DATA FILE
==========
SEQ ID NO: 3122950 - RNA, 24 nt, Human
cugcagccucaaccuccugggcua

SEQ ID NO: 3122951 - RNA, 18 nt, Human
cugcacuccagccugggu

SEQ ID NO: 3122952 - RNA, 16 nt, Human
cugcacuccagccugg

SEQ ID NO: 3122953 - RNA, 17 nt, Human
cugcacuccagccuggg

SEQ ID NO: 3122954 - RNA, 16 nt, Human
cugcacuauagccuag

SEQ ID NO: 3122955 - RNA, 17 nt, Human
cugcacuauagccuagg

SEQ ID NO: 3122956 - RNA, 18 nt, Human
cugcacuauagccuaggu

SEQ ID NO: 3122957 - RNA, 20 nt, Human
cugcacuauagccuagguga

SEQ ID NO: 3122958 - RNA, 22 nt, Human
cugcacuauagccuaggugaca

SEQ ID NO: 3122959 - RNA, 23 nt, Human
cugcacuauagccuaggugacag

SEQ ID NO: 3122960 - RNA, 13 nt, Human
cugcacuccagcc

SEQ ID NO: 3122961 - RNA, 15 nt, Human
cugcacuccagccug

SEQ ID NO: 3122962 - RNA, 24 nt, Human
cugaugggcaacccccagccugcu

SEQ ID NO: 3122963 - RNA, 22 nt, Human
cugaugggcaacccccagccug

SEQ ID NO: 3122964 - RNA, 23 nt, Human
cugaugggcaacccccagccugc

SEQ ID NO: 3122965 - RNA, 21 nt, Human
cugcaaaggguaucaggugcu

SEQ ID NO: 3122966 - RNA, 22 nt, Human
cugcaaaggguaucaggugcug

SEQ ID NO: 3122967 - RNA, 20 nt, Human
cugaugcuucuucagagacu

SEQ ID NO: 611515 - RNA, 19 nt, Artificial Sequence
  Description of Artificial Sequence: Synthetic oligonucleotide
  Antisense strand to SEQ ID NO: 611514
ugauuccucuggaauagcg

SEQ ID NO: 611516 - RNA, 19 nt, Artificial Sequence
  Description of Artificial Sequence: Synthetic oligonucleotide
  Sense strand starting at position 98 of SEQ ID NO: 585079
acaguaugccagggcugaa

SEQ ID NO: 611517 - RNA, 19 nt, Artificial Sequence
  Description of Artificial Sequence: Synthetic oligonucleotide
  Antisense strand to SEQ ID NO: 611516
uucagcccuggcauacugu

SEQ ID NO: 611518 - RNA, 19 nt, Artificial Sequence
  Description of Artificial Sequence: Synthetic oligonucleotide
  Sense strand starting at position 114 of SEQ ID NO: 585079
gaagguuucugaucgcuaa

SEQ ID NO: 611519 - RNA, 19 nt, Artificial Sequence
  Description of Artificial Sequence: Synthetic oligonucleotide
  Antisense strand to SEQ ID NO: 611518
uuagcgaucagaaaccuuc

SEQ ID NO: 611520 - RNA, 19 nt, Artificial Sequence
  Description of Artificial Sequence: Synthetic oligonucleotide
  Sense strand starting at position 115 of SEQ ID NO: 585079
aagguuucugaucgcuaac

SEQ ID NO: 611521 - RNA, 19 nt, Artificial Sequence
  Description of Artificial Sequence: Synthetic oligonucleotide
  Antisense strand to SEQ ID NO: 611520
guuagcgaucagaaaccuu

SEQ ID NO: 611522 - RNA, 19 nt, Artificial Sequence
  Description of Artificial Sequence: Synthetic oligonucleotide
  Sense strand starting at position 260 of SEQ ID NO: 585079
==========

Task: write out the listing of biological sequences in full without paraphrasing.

SEQ ID NO: 3122950 - RNA, 24 nt, Human
cugcagccucaaccuccugggcua

SEQ ID NO: 3122951 - RNA, 18 nt, Human
cugcacuccagccugggu

SEQ ID NO: 3122952 - RNA, 16 nt, Human
cugcacuccagccugg

SEQ ID NO: 3122953 - RNA, 17 nt, Human
cugcacuccagccuggg

SEQ ID NO: 3122954 - RNA, 16 nt, Human
cugcacuauagccuag

SEQ ID NO: 3122955 - RNA, 17 nt, Human
cugcacuauagccuagg

SEQ ID NO: 3122956 - RNA, 18 nt, Human
cugcacuauagccuaggu

SEQ ID NO: 3122957 - RNA, 20 nt, Human
cugcacuauagccuagguga

SEQ ID NO: 3122958 - RNA, 22 nt, Human
cugcacuauagccuaggugaca

SEQ ID NO: 3122959 - RNA, 23 nt, Human
cugcacuauagccuaggugacag

SEQ ID NO: 3122960 - RNA, 13 nt, Human
cugcacuccagcc

SEQ ID NO: 3122961 - RNA, 15 nt, Human
cugcacuccagccug

SEQ ID NO: 3122962 - RNA, 24 nt, Human
cugaugggcaacccccagccugcu

SEQ ID NO: 3122963 - RNA, 22 nt, Human
cugaugggcaacccccagccug

SEQ ID NO: 3122964 - RNA, 23 nt, Human
cugaugggcaacccccagccugc

SEQ ID NO: 3122965 - RNA, 21 nt, Human
cugcaaaggguaucaggugcu

SEQ ID NO: 3122966 - RNA, 22 nt, Human
cugcaaaggguaucaggugcug

SEQ ID NO: 3122967 - RNA, 20 nt, Human
cugaugcuucuucagagacu

SEQ ID NO: 611515 - RNA, 19 nt, Artificial Sequence
  Description of Artificial Sequence: Synthetic oligonucleotide
  Antisense strand to SEQ ID NO: 611514
ugauuccucuggaauagcg

SEQ ID NO: 611516 - RNA, 19 nt, Artificial Sequence
  Description of Artificial Sequence: Synthetic oligonucleotide
  Sense strand starting at position 98 of SEQ ID NO: 585079
acaguaugccagggcugaa

SEQ ID NO: 611517 - RNA, 19 nt, Artificial Sequence
  Description of Artificial Sequence: Synthetic oligonucleotide
  Antisense strand to SEQ ID NO: 611516
uucagcccuggcauacugu

SEQ ID NO: 611518 - RNA, 19 nt, Artificial Sequence
  Description of Artificial Sequence: Synthetic oligonucleotide
  Sense strand starting at position 114 of SEQ ID NO: 585079
gaagguuucugaucgcuaa

SEQ ID NO: 611519 - RNA, 19 nt, Artificial Sequence
  Description of Artificial Sequence: Synthetic oligonucleotide
  Antisense strand to SEQ ID NO: 611518
uuagcgaucagaaaccuuc

SEQ ID NO: 611520 - RNA, 19 nt, Artificial Sequence
  Description of Artificial Sequence: Synthetic oligonucleotide
  Sense strand starting at position 115 of SEQ ID NO: 585079
aagguuucugaucgcuaac

SEQ ID NO: 611521 - RNA, 19 nt, Artificial Sequence
  Description of Artificial Sequence: Synthetic oligonucleotide
  Antisense strand to SEQ ID NO: 611520
guuagcgaucagaaaccuu

SEQ ID NO: 611522 - RNA, 19 nt, Artificial Sequence
  Description of Artificial Sequence: Synthetic oligonucleotide
  Sense strand starting at position 260 of SEQ ID NO: 585079